Saturday, December 8, 2012

Excerpt: Pass the Hot Stuff

Time for the excerpt of Dana Page's novel  Pass the Hot Stuff! This post is part of the tour hosted by CLP Blog Tours! Don't forget to check out the main tour page for all of the other posts! Enjoy this excerpt :)

She found her seat, naturally it was in the middle, and she stopped to try to put her carry-on bag in the overhead compartment.  She stumbled back a little, hitting the man across the aisle in the head with her butt.  “Oh, I’m so sorry.”
     “No problem,” he said.  “I can think of worse ways of getting knocked out.”  Blythe looked startled, and he laughed.  “Here, let me help you.”
     “Thank you,” she said, and looked at him for the first time.  He looked familiar.  He was very good looking and had the darkest, bedroom eyes she had ever seen.  She felt even more flustered now.  “Sorry again…for hitting you.” 
     He smiled in response.  “It was a pleasure,” he teased.
     Blythe’s face turned red; she couldn’t remember the last time she had blushed.  He started to say something else to her but had to get out of the way of the crowd rushing towards their seats like it was general admission.
     Blythe buckled her seatbelt, closed her eyes and tried to go to sleep before takeoff.  She was exhausted.  Just as she was beginning to doze, the flight attendant, trying to shove a ridiculously large bag into the overhead compartment, startled her awake from her half sleep.  She looked over to see what the racket was and noticed the same guy looking at her again.  She gave him a slight, little smile of acknowledgement and shut her eyes once more.  She wondered if he was staring with approval or disapproval.  Was her mascara smeared?  That would have been disapproval.  Was her blouse unbuttoned?  From a man, approval.  He was probably just stunned from having been hit by her big butt, she thought.
     When he wasn’t looking, she craned her head around the people separating them to get a better look at him.  He had very dark hair, the darkest brown, almost black and an olive complexion with strong features.  He opened his eyes and looked over at her.  Oh, did he see me?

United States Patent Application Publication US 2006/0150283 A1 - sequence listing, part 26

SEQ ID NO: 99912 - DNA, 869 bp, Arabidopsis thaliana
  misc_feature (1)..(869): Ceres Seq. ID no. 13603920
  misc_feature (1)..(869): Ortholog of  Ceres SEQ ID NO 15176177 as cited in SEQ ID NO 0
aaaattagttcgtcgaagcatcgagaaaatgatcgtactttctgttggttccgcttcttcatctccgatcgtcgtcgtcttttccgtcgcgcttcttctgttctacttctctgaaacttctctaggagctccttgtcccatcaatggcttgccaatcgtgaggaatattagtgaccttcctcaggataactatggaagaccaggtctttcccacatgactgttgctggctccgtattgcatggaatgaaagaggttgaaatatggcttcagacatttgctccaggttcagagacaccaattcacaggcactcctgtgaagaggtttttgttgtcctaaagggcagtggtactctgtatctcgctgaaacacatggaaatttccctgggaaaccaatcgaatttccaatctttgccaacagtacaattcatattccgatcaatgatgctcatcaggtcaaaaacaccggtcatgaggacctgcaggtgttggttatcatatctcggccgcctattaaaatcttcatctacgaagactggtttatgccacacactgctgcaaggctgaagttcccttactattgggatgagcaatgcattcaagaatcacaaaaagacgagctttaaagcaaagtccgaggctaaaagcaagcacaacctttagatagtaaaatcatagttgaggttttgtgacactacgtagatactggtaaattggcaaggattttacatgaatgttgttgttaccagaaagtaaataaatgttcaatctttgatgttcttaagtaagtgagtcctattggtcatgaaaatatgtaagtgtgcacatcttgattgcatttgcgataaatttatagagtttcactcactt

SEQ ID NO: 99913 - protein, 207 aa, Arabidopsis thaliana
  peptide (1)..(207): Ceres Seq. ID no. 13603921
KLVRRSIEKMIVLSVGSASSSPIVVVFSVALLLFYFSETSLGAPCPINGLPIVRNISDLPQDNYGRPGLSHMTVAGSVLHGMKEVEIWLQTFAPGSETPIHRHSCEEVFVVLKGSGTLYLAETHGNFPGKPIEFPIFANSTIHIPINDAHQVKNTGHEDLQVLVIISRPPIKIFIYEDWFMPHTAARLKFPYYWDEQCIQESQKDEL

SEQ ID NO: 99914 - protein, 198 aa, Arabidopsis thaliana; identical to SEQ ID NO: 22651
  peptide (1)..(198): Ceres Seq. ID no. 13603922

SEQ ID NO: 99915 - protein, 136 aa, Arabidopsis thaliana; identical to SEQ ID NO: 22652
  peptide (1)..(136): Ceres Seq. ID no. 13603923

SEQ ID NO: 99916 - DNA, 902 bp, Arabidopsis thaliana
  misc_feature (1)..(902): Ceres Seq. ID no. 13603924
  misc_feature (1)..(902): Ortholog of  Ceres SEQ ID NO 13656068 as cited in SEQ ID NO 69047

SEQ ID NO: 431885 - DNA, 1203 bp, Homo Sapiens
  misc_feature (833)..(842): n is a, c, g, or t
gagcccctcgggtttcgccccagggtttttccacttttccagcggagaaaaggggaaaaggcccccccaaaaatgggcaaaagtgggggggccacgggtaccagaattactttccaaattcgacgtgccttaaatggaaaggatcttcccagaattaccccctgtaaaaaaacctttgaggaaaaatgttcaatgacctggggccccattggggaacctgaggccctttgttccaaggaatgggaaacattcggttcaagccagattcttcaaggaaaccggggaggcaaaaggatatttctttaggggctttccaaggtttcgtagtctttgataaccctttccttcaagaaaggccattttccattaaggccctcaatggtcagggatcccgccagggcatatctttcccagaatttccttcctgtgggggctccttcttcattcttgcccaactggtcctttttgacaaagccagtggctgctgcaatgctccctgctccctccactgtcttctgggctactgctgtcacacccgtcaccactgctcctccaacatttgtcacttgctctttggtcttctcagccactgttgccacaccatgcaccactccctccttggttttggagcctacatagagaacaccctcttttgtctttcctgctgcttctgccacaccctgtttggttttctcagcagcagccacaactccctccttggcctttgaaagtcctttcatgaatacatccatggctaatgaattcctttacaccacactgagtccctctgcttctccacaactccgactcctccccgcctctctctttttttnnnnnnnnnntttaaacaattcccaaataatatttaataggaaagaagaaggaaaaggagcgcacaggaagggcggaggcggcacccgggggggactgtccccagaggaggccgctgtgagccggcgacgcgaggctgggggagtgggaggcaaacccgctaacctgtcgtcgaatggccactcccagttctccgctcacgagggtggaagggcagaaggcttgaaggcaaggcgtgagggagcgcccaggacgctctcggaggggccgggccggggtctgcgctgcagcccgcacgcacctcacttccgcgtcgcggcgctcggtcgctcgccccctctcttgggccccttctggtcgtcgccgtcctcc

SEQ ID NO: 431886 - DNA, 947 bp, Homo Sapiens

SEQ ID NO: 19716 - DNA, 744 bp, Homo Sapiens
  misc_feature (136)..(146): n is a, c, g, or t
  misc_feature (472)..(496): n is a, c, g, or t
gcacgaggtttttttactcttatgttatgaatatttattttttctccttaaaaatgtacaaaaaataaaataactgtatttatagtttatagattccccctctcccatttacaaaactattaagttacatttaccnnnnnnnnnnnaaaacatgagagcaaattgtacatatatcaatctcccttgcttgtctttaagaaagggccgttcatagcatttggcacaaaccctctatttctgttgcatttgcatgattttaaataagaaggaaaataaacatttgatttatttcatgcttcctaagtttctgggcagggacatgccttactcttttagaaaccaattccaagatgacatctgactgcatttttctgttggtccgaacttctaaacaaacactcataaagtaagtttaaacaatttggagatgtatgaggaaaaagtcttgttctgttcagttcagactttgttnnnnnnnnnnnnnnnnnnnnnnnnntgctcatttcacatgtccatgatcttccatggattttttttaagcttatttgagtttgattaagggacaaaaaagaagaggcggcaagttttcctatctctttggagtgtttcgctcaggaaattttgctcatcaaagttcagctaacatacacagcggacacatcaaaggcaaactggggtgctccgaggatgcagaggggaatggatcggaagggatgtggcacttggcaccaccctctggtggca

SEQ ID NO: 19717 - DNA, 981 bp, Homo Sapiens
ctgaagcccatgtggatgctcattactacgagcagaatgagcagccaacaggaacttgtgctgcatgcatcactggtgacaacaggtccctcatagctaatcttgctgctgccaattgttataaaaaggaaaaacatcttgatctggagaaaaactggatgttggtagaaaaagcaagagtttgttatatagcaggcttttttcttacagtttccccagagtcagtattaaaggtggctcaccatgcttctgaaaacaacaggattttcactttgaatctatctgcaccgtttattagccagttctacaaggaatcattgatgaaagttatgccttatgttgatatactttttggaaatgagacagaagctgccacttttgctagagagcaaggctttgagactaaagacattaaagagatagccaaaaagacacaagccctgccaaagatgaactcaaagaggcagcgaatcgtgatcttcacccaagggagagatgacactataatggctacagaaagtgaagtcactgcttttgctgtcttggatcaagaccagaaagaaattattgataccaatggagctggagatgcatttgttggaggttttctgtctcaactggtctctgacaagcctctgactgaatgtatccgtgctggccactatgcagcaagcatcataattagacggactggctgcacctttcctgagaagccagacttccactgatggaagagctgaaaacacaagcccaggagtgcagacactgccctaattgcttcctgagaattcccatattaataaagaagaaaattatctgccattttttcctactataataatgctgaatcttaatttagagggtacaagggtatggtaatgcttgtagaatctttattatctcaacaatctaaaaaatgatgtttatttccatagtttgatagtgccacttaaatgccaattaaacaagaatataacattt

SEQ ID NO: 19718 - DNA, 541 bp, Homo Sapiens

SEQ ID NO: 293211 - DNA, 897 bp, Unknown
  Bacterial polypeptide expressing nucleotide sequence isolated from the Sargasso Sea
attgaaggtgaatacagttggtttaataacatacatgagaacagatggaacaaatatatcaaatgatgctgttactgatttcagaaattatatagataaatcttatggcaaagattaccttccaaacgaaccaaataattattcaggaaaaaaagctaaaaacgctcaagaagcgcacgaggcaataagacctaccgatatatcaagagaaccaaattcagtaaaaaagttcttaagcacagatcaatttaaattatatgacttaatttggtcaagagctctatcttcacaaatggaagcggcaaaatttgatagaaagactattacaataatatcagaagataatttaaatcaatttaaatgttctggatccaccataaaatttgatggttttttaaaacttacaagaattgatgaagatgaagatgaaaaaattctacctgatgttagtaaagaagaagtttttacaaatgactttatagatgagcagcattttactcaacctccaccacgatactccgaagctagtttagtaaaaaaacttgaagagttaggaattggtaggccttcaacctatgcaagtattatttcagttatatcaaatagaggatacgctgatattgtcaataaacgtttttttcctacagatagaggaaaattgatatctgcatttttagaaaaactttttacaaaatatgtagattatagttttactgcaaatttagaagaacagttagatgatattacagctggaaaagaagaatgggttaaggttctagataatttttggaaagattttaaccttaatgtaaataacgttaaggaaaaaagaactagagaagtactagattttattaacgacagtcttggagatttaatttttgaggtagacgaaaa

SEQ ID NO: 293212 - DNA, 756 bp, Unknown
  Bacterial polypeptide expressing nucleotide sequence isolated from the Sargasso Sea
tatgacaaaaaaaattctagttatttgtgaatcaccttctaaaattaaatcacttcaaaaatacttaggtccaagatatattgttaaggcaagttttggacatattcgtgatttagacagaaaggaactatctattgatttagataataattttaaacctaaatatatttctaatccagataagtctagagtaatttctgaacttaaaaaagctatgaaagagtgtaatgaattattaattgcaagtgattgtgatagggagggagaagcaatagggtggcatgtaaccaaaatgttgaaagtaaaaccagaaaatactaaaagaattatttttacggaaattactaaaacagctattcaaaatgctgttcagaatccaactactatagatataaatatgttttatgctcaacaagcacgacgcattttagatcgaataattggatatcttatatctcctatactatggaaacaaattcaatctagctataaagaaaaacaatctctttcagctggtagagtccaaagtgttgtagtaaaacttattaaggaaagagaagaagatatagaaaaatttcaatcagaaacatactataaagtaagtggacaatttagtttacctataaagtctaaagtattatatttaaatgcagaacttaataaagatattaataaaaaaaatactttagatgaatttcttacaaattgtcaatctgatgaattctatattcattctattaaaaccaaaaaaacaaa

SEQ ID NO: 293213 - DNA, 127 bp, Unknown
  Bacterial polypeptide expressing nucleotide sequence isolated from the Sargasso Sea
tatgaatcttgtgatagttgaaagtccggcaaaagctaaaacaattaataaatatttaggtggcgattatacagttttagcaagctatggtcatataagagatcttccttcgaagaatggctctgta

She tried to sleep again but couldn’t.  How did she know him?  She couldn’t place him, and that’s not a face she would easily forget.  She glanced at him again.
     He stood up and was trying to step into the aisle just in time to have the food cart come rattling through.  He was going to say something to her, but it was either get back in his seat or end up road kill from a food cart.
     At that point, he threw courtesy to the wind as he tried to lean around the people between them and strike up a conversation.  But a flight attendant saw this opportunity to drape herself over the seat and introduce herself to him.  Blythe laughed.  She couldn’t hear his muffled responses, but she could hear the singsong, twittering cadence of the flight attendant.  “What’s your name?”  “What do you do?”  “Why are you going to Memphis?”  Tee hee, tee hee.
     After the flight attendant left, he attempted one more time to stand and approach her, but the pilot asked them all to remain seated.  Blythe smiled to herself.  She had enjoyed this weird little flirtation.  It gave her a rush through the middle of her stomach.  She hadn’t felt particularly attractive lately.  In fact, she couldn’t imagine a guy as attractive as that one even looking at her.  It was times like this that made her realize just how insecure she had become.

Author Bio:

Dana Page was raised in Memphis, Tennessee.  Born just down the road from Memphis in Helena, Arkansas, she considers the Mississippi River Delta her own personal inspiration. Having earned adegree in journalism from Texas A&M University, she has utilized her writing skills in varied areas - small-town politics, human interest stories and writing an entertainment column, to name a few. To support her writing habit, she has worked an odd job or two.  Don't ask her about delivering singing telegrams; some things are best forgotten.  Pass the Hot Stuff is Dana’s debut novel.


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